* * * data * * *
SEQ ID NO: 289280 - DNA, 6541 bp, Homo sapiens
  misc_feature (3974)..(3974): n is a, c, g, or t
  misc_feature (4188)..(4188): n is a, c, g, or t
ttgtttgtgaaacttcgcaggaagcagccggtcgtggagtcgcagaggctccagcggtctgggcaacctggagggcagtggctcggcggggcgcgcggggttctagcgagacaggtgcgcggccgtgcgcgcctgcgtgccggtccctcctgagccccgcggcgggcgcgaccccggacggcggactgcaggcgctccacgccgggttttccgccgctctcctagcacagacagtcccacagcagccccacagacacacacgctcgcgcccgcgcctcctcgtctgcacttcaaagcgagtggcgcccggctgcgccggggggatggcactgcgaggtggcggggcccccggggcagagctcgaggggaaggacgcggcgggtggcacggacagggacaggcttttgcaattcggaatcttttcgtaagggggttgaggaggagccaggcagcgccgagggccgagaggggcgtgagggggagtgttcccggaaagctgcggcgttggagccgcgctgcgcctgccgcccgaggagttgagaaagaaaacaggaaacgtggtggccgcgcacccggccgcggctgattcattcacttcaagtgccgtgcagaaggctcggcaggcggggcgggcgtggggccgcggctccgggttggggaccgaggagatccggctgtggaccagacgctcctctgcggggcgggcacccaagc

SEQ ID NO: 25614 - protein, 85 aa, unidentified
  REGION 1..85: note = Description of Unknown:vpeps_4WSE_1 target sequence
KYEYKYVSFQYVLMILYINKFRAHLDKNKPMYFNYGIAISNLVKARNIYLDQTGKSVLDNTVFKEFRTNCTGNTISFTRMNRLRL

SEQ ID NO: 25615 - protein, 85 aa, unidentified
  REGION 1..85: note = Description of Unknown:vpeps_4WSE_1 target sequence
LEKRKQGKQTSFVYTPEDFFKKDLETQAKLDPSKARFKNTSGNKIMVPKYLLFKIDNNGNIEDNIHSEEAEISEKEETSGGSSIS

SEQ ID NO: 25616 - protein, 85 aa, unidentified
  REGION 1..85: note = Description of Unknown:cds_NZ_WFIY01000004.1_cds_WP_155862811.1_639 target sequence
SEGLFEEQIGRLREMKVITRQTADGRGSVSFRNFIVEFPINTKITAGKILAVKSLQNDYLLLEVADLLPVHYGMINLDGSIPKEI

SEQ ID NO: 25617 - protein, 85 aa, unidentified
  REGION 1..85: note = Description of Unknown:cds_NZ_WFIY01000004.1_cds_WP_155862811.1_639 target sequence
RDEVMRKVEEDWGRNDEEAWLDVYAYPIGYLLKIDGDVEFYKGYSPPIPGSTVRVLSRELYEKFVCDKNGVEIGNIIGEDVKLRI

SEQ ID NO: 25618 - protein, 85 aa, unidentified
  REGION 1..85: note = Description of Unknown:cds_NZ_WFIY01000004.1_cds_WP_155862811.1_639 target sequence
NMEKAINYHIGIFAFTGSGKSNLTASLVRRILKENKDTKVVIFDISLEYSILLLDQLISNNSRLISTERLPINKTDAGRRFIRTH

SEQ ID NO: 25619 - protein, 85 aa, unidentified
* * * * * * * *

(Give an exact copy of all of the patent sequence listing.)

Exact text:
SEQ ID NO: 289280 - DNA, 6541 bp, Homo sapiens
  misc_feature (3974)..(3974): n is a, c, g, or t
  misc_feature (4188)..(4188): n is a, c, g, or t
ttgtttgtgaaacttcgcaggaagcagccggtcgtggagtcgcagaggctccagcggtctgggcaacctggagggcagtggctcggcggggcgcgcggggttctagcgagacaggtgcgcggccgtgcgcgcctgcgtgccggtccctcctgagccccgcggcgggcgcgaccccggacggcggactgcaggcgctccacgccgggttttccgccgctctcctagcacagacagtcccacagcagccccacagacacacacgctcgcgcccgcgcctcctcgtctgcacttcaaagcgagtggcgcccggctgcgccggggggatggcactgcgaggtggcggggcccccggggcagagctcgaggggaaggacgcggcgggtggcacggacagggacaggcttttgcaattcggaatcttttcgtaagggggttgaggaggagccaggcagcgccgagggccgagaggggcgtgagggggagtgttcccggaaagctgcggcgttggagccgcgctgcgcctgccgcccgaggagttgagaaagaaaacaggaaacgtggtggccgcgcacccggccgcggctgattcattcacttcaagtgccgtgcagaaggctcggcaggcggggcgggcgtggggccgcggctccgggttggggaccgaggagatccggctgtggaccagacgctcctctgcggggcgggcacccaagc

SEQ ID NO: 25614 - protein, 85 aa, unidentified
  REGION 1..85: note = Description of Unknown:vpeps_4WSE_1 target sequence
KYEYKYVSFQYVLMILYINKFRAHLDKNKPMYFNYGIAISNLVKARNIYLDQTGKSVLDNTVFKEFRTNCTGNTISFTRMNRLRL

SEQ ID NO: 25615 - protein, 85 aa, unidentified
  REGION 1..85: note = Description of Unknown:vpeps_4WSE_1 target sequence
LEKRKQGKQTSFVYTPEDFFKKDLETQAKLDPSKARFKNTSGNKIMVPKYLLFKIDNNGNIEDNIHSEEAEISEKEETSGGSSIS

SEQ ID NO: 25616 - protein, 85 aa, unidentified
  REGION 1..85: note = Description of Unknown:cds_NZ_WFIY01000004.1_cds_WP_155862811.1_639 target sequence
SEGLFEEQIGRLREMKVITRQTADGRGSVSFRNFIVEFPINTKITAGKILAVKSLQNDYLLLEVADLLPVHYGMINLDGSIPKEI

SEQ ID NO: 25617 - protein, 85 aa, unidentified
  REGION 1..85: note = Description of Unknown:cds_NZ_WFIY01000004.1_cds_WP_155862811.1_639 target sequence
RDEVMRKVEEDWGRNDEEAWLDVYAYPIGYLLKIDGDVEFYKGYSPPIPGSTVRVLSRELYEKFVCDKNGVEIGNIIGEDVKLRI

SEQ ID NO: 25618 - protein, 85 aa, unidentified
  REGION 1..85: note = Description of Unknown:cds_NZ_WFIY01000004.1_cds_WP_155862811.1_639 target sequence
NMEKAINYHIGIFAFTGSGKSNLTASLVRRILKENKDTKVVIFDISLEYSILLLDQLISNNSRLISTERLPINKTDAGRRFIRTH

SEQ ID NO: 25619 - protein, 85 aa, unidentified